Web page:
NATIONAL NEWS

Stormy Daniels describes meeting Trump during occasionally graphic testimony in hush money trial

May 7, 2024, 6:50 AM | Updated: 12:41 pm

FILE: Adult film actress Stormy Daniels (Stephanie Clifford) exits the United States District Court...

FILE: Adult film actress Stormy Daniels (Stephanie Clifford) exits the United States District Court Southern District of New York for a hearing related to Michael Cohen, President Trump's longtime personal attorney and confidante, April 16, 2018 in New York City. Cohen and lawyers representing President Trump are asking the court to block Justice Department officials from reading documents and materials related to Cohen's relationship with President Trump that they believe should be protected by attorney-client privilege. Officials with the FBI, armed with a search warrant, raided Cohen's office and two private residences last week. (Photo by Drew Angerer/Getty Images)

(Photo by Drew Angerer/Getty Images)

NEW YORK (AP) — Stormy Daniels took the witness stand Tuesday at Donald Trump’s hush money trial, describing for jurors a sexual encounter the porn actor says she had with him in 2006 that resulted in her being paid off to keep silent during the presidential race 10 years later.

Jurors appeared riveted as Daniels offered a detailed and at times graphic account of an encounter Trump has denied. Trump stared straight ahead as Daniels entered the courtroom, later shaking his head and whispering to his lawyers as she testified.

The testimony was by far the most-awaited spectacle in a trial that has toggled between tabloidesque elements and dry record-keeping explanation. A courtroom appearance by a porn actor who says she had an intimate encounter with a former American president adds to the long line of historic firsts in the case, which was already laden with tawdry claims of sex, payoffs and cover-ups. It is unfolding as the presumptive Republican nominee makes another bid for the White House.

Daniels was allowed to testify despite the repeated objections of defense lawyers, who after the lunch break demanded for the first time a mistrial over what they said were prejudicial and irrelevant comments.

“This is the kind of testimony that makes it impossible to come back from,” defense lawyer Todd Blanche said. “How can we come back from this in a way that’s fair to President Trump?”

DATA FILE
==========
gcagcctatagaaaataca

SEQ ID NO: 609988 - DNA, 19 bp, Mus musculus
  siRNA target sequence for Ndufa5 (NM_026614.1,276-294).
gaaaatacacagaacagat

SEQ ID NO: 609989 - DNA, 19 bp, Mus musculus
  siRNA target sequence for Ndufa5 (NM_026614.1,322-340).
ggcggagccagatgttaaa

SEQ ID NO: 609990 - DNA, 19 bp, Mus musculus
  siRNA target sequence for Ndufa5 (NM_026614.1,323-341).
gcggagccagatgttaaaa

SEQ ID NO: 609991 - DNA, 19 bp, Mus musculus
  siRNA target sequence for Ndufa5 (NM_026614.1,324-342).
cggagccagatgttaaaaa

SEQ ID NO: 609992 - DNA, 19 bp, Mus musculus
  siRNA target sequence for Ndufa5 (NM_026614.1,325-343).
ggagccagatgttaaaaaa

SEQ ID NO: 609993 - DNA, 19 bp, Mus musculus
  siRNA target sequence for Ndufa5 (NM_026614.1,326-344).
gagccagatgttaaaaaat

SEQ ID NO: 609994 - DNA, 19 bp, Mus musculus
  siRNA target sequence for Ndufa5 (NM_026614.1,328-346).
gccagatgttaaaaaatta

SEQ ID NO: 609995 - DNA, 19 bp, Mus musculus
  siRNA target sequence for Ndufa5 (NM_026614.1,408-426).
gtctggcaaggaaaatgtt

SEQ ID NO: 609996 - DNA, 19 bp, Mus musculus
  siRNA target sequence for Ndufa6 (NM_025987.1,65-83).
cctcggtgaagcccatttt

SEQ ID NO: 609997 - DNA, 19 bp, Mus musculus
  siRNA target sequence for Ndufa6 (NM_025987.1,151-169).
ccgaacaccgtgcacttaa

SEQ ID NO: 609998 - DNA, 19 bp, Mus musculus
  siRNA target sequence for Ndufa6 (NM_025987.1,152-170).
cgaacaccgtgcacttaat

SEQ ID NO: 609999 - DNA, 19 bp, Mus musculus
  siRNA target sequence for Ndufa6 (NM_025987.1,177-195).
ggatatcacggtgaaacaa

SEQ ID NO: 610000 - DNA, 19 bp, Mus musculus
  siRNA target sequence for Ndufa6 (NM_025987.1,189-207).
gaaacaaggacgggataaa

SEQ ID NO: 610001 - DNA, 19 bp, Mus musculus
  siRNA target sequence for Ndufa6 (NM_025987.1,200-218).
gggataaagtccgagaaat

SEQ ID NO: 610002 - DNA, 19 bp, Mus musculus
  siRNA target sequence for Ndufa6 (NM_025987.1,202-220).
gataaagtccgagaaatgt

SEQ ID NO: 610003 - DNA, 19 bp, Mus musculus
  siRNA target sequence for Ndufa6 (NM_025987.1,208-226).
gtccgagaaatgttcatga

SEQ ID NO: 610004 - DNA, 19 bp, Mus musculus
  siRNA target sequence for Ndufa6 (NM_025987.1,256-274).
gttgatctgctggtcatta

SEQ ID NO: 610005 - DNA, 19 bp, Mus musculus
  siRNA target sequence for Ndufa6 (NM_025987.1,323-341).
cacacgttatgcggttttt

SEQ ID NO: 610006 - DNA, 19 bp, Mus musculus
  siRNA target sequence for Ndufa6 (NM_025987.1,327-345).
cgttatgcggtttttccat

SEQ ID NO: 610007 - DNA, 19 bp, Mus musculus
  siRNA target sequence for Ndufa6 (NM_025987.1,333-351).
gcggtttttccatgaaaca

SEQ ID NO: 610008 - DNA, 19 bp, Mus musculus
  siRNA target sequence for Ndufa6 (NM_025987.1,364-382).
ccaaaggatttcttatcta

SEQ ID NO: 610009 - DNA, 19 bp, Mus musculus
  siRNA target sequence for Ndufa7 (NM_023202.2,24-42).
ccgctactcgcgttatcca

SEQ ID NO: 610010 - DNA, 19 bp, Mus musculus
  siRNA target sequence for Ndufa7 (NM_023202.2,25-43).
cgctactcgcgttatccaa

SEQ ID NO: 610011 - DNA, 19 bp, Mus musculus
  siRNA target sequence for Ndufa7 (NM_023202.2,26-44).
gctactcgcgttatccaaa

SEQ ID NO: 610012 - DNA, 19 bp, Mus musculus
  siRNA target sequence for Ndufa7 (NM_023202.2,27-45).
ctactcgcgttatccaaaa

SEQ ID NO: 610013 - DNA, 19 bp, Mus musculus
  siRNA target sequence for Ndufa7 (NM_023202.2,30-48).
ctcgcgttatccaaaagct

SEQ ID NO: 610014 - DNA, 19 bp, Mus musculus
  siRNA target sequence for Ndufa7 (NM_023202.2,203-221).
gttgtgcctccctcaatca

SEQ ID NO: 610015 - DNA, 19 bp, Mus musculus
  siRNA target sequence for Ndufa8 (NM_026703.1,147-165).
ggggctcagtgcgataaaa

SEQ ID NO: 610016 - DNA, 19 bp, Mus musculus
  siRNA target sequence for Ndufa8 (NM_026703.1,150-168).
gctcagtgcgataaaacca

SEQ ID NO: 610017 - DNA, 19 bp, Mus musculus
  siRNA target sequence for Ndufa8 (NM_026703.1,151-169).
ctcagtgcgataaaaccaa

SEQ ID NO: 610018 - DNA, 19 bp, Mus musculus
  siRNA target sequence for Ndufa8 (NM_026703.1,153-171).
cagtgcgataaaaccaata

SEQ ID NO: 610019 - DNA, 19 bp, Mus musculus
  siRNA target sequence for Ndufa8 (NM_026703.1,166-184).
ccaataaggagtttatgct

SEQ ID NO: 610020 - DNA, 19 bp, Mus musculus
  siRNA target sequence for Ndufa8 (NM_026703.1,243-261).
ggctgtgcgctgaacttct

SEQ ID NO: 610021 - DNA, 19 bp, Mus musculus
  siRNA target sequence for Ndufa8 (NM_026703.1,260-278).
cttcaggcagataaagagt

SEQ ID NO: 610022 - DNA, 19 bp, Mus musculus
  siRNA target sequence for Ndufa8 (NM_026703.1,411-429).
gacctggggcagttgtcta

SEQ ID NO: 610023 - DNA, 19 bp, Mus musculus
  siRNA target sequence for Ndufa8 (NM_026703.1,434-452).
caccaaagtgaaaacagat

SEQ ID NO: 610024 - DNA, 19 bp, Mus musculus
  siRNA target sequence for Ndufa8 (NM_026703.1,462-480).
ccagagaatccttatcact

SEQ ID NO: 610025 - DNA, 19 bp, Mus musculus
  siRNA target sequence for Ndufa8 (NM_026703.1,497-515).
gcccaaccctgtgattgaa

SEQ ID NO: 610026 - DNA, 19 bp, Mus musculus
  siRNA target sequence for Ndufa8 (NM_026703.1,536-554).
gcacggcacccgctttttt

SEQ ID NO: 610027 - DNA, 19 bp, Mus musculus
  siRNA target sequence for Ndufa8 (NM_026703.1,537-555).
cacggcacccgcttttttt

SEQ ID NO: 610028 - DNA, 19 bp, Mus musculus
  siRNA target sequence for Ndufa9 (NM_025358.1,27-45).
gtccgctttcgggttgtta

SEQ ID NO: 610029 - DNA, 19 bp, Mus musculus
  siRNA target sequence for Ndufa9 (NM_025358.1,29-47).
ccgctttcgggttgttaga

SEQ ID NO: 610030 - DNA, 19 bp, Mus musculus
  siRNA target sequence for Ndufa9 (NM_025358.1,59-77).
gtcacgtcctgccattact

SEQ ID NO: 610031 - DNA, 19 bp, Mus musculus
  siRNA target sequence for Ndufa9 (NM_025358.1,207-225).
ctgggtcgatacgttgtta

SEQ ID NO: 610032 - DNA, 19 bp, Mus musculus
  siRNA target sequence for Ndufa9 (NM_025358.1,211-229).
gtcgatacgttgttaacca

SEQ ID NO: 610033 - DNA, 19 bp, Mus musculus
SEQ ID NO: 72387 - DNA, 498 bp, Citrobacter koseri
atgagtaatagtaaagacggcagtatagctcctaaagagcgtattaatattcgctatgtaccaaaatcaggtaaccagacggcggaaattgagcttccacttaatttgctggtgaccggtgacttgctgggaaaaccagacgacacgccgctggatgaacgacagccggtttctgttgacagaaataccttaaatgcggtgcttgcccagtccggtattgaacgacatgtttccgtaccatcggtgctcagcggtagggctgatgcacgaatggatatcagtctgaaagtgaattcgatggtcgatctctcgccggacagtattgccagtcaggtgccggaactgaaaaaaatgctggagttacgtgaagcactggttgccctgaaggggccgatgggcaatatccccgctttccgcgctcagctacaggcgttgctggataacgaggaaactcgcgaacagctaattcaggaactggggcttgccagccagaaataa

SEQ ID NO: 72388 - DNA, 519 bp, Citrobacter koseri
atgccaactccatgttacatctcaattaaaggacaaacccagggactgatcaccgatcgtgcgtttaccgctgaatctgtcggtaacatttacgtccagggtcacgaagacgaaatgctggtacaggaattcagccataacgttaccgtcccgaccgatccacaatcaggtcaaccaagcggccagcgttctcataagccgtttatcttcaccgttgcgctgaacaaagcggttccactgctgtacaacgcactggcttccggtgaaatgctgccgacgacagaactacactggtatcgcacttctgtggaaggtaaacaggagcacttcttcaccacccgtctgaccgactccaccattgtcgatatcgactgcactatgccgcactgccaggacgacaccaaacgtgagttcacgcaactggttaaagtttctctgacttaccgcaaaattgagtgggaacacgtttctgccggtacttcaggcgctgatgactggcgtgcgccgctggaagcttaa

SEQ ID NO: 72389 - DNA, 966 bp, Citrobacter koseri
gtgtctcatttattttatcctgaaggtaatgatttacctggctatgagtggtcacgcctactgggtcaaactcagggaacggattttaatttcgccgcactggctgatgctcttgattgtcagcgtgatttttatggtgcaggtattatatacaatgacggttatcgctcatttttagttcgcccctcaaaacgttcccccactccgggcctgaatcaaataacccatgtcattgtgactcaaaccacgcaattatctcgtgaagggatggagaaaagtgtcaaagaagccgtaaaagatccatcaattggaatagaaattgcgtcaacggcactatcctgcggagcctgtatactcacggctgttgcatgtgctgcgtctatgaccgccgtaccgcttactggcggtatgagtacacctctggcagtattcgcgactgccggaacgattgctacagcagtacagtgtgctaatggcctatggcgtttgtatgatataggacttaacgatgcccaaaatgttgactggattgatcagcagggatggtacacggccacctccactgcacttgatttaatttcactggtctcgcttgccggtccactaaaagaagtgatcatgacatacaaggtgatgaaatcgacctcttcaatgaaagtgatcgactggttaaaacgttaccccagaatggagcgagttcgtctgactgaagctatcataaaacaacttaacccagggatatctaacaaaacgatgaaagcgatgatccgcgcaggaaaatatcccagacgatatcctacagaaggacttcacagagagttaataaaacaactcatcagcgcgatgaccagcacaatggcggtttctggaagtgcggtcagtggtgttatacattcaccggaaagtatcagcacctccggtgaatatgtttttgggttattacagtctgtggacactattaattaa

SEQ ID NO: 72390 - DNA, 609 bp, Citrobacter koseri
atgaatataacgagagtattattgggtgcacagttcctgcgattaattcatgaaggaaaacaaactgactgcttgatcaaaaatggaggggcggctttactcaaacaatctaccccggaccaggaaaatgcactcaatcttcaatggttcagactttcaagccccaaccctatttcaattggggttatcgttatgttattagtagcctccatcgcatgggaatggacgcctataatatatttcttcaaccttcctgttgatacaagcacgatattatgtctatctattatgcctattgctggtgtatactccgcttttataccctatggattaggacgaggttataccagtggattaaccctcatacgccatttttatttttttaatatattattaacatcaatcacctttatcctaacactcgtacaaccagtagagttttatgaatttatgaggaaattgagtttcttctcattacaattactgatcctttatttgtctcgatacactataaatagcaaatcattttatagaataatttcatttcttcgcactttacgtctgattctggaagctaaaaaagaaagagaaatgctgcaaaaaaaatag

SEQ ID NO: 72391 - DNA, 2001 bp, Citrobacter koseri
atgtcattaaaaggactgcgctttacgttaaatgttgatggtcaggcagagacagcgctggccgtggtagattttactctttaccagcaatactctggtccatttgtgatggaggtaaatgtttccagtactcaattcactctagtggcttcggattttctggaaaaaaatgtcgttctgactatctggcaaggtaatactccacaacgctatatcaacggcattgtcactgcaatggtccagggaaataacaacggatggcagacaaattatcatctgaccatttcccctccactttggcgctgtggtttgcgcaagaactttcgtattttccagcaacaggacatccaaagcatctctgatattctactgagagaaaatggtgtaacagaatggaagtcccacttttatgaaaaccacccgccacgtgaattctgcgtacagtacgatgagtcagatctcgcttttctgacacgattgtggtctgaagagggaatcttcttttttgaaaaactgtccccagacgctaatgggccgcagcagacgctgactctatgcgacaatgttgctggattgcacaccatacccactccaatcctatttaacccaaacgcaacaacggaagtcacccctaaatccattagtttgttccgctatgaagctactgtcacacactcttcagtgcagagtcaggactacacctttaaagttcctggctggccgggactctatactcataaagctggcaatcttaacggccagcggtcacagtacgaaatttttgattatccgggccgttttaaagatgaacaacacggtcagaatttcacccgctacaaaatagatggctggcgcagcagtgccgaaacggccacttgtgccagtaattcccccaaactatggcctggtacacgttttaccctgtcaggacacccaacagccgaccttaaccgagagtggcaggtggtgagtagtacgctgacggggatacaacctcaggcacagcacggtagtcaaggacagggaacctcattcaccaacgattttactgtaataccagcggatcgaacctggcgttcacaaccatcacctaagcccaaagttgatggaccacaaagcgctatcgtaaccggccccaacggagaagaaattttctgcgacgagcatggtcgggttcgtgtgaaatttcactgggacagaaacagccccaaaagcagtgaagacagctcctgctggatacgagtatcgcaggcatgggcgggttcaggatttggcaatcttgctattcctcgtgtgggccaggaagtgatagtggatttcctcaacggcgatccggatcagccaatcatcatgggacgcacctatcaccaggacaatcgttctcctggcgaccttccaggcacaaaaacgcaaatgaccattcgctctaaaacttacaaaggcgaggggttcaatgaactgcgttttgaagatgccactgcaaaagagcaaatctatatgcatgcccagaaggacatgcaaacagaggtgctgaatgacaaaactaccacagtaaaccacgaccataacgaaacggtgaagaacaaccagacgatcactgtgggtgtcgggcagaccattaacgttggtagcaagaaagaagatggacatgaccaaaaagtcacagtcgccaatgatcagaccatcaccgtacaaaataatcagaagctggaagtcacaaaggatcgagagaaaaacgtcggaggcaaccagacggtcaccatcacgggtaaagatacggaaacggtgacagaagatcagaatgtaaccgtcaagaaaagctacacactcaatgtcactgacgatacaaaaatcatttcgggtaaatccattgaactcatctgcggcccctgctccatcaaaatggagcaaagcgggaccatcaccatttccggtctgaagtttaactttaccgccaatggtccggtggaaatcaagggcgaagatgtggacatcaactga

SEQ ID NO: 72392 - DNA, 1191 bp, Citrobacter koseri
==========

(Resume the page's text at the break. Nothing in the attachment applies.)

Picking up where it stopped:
The judge rejected the defense request.

Daniels’ statements are central to the case because in the final weeks of Trump’s 2016 Republican presidential campaign, his then-lawyer and personal fixer, Michael Cohen, paid Daniels $130,000 to keep quiet about what she says was an awkward and unexpected sexual encounter with Trump at a celebrity golf outing in Lake Tahoe in July 2006. Trump has pleaded not guilty.

Led by a prosecutor’s questioning, Daniels described how an initial meeting at a golf tournament, where they discussed the adult film industry, progressed to a “brief” sexual encounter that she said Trump initiated after inviting her to dinner and back to his hotel suite.

She said she didn’t feel physically or verbally threatened, though she knew his bodyguard was outside the suite, and there was what she perceived as an imbalance of power: Trump “was bigger and blocking the way.”

After it ended, she said, “It was really hard to get my shoes because my hands were shaking so hard.”

“He said, ‘Oh, it was great. Let’s get together again, honey bunch,’” Daniels continued. “I just wanted to leave.”

In the years since the encounter was disclosed, Daniels has emerged as a vocal Trump antagonist, sharing her story in a book and on television and criticizing the former president with mocking and pejorative jabs. But there was no precedent for Tuesday’s events, when she came face-to-face with Trump and was asked in an austere courtroom setting to describe her experiences to a jury weighing whether to convict a former American president of felony crimes for the first time in history.